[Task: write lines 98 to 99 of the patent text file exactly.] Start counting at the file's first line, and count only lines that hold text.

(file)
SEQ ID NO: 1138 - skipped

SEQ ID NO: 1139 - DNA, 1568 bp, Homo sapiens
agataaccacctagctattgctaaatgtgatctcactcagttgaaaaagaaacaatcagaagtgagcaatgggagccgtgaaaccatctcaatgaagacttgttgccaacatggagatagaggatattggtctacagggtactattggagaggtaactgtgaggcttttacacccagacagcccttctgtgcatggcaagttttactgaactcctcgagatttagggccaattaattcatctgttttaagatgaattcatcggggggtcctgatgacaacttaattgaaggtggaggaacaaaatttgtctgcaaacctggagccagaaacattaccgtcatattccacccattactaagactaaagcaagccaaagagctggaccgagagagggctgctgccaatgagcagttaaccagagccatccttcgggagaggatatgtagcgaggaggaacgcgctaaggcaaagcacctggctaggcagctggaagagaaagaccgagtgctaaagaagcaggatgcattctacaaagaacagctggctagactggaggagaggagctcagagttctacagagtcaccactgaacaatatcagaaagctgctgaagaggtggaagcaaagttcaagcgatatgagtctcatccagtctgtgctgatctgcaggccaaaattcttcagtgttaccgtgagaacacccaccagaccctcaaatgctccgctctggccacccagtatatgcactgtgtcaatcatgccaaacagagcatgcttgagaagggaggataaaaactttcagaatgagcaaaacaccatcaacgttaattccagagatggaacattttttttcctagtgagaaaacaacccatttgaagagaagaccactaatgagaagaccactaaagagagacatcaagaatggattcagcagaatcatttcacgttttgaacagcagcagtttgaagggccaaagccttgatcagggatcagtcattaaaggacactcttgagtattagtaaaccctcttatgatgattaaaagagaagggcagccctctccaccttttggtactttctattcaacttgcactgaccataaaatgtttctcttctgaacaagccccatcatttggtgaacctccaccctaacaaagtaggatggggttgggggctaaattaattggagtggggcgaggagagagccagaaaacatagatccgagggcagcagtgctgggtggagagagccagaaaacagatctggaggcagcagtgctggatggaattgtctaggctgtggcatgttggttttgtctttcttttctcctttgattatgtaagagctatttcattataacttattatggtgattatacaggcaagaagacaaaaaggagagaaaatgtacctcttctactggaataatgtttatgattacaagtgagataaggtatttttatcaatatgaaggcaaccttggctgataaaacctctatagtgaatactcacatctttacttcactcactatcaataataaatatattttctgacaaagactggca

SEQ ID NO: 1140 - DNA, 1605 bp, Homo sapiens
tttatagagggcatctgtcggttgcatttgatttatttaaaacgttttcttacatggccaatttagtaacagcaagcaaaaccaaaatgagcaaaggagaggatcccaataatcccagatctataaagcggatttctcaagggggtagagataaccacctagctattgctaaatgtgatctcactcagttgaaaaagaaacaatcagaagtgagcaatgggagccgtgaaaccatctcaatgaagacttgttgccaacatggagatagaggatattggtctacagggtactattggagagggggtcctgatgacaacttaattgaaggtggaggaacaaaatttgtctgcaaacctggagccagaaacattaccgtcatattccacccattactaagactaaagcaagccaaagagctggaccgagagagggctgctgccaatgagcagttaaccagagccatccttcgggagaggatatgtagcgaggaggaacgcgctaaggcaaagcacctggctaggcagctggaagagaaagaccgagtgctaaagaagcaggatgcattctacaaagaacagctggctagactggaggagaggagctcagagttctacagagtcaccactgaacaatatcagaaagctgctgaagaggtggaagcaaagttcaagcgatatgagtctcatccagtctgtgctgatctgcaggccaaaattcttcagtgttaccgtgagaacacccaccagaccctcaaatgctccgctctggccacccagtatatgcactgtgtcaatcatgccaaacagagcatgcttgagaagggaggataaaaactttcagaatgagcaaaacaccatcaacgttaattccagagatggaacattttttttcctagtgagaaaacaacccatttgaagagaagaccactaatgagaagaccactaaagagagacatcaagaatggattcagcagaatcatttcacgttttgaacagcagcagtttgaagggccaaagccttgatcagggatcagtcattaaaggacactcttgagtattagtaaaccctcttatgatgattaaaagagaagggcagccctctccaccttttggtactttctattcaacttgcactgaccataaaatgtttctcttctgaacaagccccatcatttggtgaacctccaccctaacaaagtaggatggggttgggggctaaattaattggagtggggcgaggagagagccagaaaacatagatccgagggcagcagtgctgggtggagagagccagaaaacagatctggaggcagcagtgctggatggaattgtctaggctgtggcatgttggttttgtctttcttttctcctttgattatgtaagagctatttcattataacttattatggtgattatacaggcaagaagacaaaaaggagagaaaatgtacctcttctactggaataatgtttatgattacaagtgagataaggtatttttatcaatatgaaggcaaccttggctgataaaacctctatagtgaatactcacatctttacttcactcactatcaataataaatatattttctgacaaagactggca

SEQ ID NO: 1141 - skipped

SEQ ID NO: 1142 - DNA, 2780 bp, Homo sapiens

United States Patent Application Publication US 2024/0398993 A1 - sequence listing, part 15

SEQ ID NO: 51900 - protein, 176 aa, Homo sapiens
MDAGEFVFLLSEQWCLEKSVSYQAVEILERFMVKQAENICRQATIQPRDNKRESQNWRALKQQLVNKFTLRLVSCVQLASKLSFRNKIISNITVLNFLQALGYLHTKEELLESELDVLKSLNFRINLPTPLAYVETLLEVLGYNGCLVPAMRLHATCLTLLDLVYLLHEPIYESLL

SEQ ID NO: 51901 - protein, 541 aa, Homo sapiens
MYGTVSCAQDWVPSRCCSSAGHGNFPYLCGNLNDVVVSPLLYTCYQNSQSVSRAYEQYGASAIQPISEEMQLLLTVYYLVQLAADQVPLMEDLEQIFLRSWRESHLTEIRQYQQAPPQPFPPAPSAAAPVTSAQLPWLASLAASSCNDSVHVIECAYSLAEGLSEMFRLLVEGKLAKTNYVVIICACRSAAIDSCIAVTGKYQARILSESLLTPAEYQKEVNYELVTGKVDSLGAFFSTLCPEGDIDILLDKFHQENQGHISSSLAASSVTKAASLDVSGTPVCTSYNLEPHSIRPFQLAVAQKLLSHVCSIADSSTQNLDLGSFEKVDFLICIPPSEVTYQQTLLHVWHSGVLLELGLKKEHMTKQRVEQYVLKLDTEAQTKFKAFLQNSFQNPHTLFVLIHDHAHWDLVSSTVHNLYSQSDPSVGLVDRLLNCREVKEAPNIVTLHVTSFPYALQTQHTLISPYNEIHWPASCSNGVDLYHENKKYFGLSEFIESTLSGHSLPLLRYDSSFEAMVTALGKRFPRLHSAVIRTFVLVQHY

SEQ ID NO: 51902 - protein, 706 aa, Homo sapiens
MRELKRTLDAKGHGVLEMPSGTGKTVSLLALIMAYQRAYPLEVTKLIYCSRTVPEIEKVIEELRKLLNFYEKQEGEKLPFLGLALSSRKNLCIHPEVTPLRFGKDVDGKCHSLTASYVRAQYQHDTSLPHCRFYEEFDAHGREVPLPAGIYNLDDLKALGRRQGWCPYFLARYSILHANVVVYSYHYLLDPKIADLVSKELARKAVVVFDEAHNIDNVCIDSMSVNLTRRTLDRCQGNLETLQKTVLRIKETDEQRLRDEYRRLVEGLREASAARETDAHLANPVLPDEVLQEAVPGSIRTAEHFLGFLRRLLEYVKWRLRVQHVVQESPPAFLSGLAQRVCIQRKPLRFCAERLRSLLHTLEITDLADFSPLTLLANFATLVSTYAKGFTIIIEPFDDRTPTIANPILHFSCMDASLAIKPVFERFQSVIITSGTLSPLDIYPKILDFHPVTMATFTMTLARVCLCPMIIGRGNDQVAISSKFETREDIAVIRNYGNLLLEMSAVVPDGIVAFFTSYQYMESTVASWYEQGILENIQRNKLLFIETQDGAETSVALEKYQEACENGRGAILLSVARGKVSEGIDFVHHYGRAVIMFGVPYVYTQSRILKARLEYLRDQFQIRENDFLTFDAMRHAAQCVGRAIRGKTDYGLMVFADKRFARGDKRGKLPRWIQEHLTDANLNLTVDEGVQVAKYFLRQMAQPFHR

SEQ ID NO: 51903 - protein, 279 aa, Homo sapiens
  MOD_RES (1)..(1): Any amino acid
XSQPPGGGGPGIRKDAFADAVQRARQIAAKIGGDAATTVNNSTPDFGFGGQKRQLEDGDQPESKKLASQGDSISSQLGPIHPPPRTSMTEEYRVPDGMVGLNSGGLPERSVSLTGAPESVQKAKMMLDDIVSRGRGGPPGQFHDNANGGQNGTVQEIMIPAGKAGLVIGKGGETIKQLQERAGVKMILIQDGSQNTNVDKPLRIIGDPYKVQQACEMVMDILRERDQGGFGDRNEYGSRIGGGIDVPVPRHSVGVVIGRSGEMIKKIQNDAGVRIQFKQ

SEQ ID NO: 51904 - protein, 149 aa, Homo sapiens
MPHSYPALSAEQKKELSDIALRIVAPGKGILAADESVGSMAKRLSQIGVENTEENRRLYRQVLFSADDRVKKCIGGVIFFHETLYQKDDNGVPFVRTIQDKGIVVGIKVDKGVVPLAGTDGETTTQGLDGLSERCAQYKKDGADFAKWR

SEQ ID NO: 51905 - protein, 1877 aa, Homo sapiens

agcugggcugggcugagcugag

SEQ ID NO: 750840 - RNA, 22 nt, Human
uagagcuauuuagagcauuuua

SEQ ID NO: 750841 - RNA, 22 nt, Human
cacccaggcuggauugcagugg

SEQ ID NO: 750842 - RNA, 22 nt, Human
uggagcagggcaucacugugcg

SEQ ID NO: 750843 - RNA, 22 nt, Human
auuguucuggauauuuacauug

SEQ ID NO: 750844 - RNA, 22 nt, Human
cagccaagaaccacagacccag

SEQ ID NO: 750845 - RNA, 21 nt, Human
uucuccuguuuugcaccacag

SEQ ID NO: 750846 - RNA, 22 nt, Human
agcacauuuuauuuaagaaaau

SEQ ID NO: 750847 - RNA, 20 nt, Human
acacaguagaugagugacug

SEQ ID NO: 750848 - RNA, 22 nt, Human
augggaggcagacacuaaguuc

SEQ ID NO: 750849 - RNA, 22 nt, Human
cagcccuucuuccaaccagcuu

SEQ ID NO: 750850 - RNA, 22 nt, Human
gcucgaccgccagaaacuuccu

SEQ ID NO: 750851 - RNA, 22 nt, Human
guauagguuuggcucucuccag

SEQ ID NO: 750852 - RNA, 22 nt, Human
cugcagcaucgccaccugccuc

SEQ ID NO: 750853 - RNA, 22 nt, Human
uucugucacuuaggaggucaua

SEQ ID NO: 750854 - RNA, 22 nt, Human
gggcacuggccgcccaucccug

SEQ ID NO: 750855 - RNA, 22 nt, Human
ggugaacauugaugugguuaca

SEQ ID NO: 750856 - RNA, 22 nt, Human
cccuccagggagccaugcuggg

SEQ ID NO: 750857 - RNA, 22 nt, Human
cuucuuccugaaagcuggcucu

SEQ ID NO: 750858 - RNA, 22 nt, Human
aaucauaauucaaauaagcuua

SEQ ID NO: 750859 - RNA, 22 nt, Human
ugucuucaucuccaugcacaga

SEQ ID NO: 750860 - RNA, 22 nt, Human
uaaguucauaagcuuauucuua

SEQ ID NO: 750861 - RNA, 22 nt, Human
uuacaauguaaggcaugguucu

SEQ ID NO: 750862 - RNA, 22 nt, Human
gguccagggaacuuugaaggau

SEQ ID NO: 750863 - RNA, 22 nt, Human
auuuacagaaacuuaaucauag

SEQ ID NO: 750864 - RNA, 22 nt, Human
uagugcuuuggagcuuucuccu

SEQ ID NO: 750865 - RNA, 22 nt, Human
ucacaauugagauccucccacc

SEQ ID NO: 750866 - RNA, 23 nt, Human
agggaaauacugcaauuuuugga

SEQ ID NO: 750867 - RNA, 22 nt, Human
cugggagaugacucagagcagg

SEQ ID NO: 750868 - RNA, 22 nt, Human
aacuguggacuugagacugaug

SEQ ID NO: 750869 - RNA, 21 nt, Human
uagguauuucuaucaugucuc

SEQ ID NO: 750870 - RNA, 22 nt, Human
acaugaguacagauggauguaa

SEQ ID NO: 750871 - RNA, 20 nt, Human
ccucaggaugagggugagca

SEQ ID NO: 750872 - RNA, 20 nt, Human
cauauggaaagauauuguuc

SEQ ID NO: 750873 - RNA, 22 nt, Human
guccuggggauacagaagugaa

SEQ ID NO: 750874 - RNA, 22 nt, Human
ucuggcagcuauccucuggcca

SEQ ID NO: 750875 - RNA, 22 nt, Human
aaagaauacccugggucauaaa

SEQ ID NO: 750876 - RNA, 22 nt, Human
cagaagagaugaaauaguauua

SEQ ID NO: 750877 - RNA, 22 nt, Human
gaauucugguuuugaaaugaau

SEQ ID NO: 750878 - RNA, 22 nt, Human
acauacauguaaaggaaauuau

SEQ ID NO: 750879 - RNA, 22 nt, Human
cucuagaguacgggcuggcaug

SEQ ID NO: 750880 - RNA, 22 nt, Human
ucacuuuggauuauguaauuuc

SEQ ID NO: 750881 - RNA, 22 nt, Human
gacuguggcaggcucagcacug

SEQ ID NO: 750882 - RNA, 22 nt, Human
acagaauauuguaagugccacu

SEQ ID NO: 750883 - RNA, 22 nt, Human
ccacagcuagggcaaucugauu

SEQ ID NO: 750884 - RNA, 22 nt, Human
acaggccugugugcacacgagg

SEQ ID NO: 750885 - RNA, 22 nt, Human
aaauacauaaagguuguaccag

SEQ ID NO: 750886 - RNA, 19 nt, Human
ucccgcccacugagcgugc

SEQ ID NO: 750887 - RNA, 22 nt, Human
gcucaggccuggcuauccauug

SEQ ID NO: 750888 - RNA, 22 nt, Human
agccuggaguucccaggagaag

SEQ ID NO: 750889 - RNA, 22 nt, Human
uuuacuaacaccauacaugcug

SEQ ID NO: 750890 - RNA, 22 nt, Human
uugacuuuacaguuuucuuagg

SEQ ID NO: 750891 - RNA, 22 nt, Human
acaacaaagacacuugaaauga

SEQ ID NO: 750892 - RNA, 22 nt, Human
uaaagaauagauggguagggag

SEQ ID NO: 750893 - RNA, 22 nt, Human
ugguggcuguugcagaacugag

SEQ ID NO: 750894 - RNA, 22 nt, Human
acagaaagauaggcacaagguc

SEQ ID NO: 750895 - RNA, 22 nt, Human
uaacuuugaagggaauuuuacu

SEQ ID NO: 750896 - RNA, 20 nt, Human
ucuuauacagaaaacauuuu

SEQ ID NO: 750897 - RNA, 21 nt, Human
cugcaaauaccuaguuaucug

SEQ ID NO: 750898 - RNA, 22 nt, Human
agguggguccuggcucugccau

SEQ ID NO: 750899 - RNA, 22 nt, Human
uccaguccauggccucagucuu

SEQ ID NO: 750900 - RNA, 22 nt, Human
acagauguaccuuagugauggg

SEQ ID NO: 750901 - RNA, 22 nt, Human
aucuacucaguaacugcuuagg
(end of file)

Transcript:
SEQ ID NO: 750878 - RNA, 22 nt, Human
acauacauguaaaggaaauuau